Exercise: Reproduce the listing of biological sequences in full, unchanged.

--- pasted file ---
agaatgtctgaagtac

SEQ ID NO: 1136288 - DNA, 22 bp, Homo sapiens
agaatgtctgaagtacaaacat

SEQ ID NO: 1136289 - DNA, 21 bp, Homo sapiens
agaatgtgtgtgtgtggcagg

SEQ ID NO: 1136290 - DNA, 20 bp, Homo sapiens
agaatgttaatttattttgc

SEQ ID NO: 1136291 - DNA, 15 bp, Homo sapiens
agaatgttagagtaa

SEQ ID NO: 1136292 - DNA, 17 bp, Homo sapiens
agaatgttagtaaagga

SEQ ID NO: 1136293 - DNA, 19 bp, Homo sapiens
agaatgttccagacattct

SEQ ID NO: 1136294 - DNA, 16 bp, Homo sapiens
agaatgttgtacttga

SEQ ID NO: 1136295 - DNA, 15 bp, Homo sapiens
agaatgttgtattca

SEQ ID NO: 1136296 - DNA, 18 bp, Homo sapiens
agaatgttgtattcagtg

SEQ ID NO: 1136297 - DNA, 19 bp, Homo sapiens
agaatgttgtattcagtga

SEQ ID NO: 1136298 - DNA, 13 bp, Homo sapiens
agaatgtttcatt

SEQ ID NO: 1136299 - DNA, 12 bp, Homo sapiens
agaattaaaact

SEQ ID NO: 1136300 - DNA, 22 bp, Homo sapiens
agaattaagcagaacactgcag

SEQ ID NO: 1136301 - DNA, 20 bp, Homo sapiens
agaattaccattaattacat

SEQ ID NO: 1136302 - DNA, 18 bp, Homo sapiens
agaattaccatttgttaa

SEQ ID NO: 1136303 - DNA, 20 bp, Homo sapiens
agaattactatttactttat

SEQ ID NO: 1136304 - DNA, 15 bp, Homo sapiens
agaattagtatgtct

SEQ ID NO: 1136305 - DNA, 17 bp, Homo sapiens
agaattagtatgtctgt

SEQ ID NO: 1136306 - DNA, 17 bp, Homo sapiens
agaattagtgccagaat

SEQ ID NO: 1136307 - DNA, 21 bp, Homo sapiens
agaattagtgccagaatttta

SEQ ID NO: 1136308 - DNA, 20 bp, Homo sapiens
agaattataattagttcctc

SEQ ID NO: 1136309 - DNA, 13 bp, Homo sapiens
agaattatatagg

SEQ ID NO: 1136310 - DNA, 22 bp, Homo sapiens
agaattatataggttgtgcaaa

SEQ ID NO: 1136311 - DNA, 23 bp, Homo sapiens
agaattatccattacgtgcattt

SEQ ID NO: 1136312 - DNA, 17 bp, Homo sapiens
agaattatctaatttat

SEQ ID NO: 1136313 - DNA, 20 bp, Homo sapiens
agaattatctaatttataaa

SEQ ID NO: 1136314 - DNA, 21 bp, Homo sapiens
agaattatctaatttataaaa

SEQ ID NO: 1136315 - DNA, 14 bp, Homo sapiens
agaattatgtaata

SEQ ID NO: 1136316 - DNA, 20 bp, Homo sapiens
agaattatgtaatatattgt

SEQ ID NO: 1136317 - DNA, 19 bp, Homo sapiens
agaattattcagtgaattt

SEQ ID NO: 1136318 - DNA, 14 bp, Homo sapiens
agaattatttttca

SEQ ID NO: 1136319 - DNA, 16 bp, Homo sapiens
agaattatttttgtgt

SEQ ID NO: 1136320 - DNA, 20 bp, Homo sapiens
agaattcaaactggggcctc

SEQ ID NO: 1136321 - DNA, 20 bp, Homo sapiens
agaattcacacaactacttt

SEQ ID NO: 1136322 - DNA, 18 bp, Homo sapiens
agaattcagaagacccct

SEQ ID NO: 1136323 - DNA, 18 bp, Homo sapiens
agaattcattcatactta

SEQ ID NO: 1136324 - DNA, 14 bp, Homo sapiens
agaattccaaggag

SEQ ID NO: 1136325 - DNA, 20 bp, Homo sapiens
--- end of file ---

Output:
agaatgtctgaagtac

SEQ ID NO: 1136288 - DNA, 22 bp, Homo sapiens
agaatgtctgaagtacaaacat

SEQ ID NO: 1136289 - DNA, 21 bp, Homo sapiens
agaatgtgtgtgtgtggcagg

SEQ ID NO: 1136290 - DNA, 20 bp, Homo sapiens
agaatgttaatttattttgc

SEQ ID NO: 1136291 - DNA, 15 bp, Homo sapiens
agaatgttagagtaa

SEQ ID NO: 1136292 - DNA, 17 bp, Homo sapiens
agaatgttagtaaagga

SEQ ID NO: 1136293 - DNA, 19 bp, Homo sapiens
agaatgttccagacattct

SEQ ID NO: 1136294 - DNA, 16 bp, Homo sapiens
agaatgttgtacttga

SEQ ID NO: 1136295 - DNA, 15 bp, Homo sapiens
agaatgttgtattca

SEQ ID NO: 1136296 - DNA, 18 bp, Homo sapiens
agaatgttgtattcagtg

SEQ ID NO: 1136297 - DNA, 19 bp, Homo sapiens
agaatgttgtattcagtga

SEQ ID NO: 1136298 - DNA, 13 bp, Homo sapiens
agaatgtttcatt

SEQ ID NO: 1136299 - DNA, 12 bp, Homo sapiens
agaattaaaact

SEQ ID NO: 1136300 - DNA, 22 bp, Homo sapiens
agaattaagcagaacactgcag

SEQ ID NO: 1136301 - DNA, 20 bp, Homo sapiens
agaattaccattaattacat

SEQ ID NO: 1136302 - DNA, 18 bp, Homo sapiens
agaattaccatttgttaa

SEQ ID NO: 1136303 - DNA, 20 bp, Homo sapiens
agaattactatttactttat

SEQ ID NO: 1136304 - DNA, 15 bp, Homo sapiens
agaattagtatgtct

SEQ ID NO: 1136305 - DNA, 17 bp, Homo sapiens
agaattagtatgtctgt

SEQ ID NO: 1136306 - DNA, 17 bp, Homo sapiens
agaattagtgccagaat

SEQ ID NO: 1136307 - DNA, 21 bp, Homo sapiens
agaattagtgccagaatttta

SEQ ID NO: 1136308 - DNA, 20 bp, Homo sapiens
agaattataattagttcctc

SEQ ID NO: 1136309 - DNA, 13 bp, Homo sapiens
agaattatatagg

SEQ ID NO: 1136310 - DNA, 22 bp, Homo sapiens
agaattatataggttgtgcaaa

SEQ ID NO: 1136311 - DNA, 23 bp, Homo sapiens
agaattatccattacgtgcattt

SEQ ID NO: 1136312 - DNA, 17 bp, Homo sapiens
agaattatctaatttat

SEQ ID NO: 1136313 - DNA, 20 bp, Homo sapiens
agaattatctaatttataaa

SEQ ID NO: 1136314 - DNA, 21 bp, Homo sapiens
agaattatctaatttataaaa

SEQ ID NO: 1136315 - DNA, 14 bp, Homo sapiens
agaattatgtaata

SEQ ID NO: 1136316 - DNA, 20 bp, Homo sapiens
agaattatgtaatatattgt

SEQ ID NO: 1136317 - DNA, 19 bp, Homo sapiens
agaattattcagtgaattt

SEQ ID NO: 1136318 - DNA, 14 bp, Homo sapiens
agaattatttttca

SEQ ID NO: 1136319 - DNA, 16 bp, Homo sapiens
agaattatttttgtgt

SEQ ID NO: 1136320 - DNA, 20 bp, Homo sapiens
agaattcaaactggggcctc

SEQ ID NO: 1136321 - DNA, 20 bp, Homo sapiens
agaattcacacaactacttt

SEQ ID NO: 1136322 - DNA, 18 bp, Homo sapiens
agaattcagaagacccct

SEQ ID NO: 1136323 - DNA, 18 bp, Homo sapiens
agaattcattcatactta

SEQ ID NO: 1136324 - DNA, 14 bp, Homo sapiens
agaattccaaggag

SEQ ID NO: 1136325 - DNA, 20 bp, Homo sapiens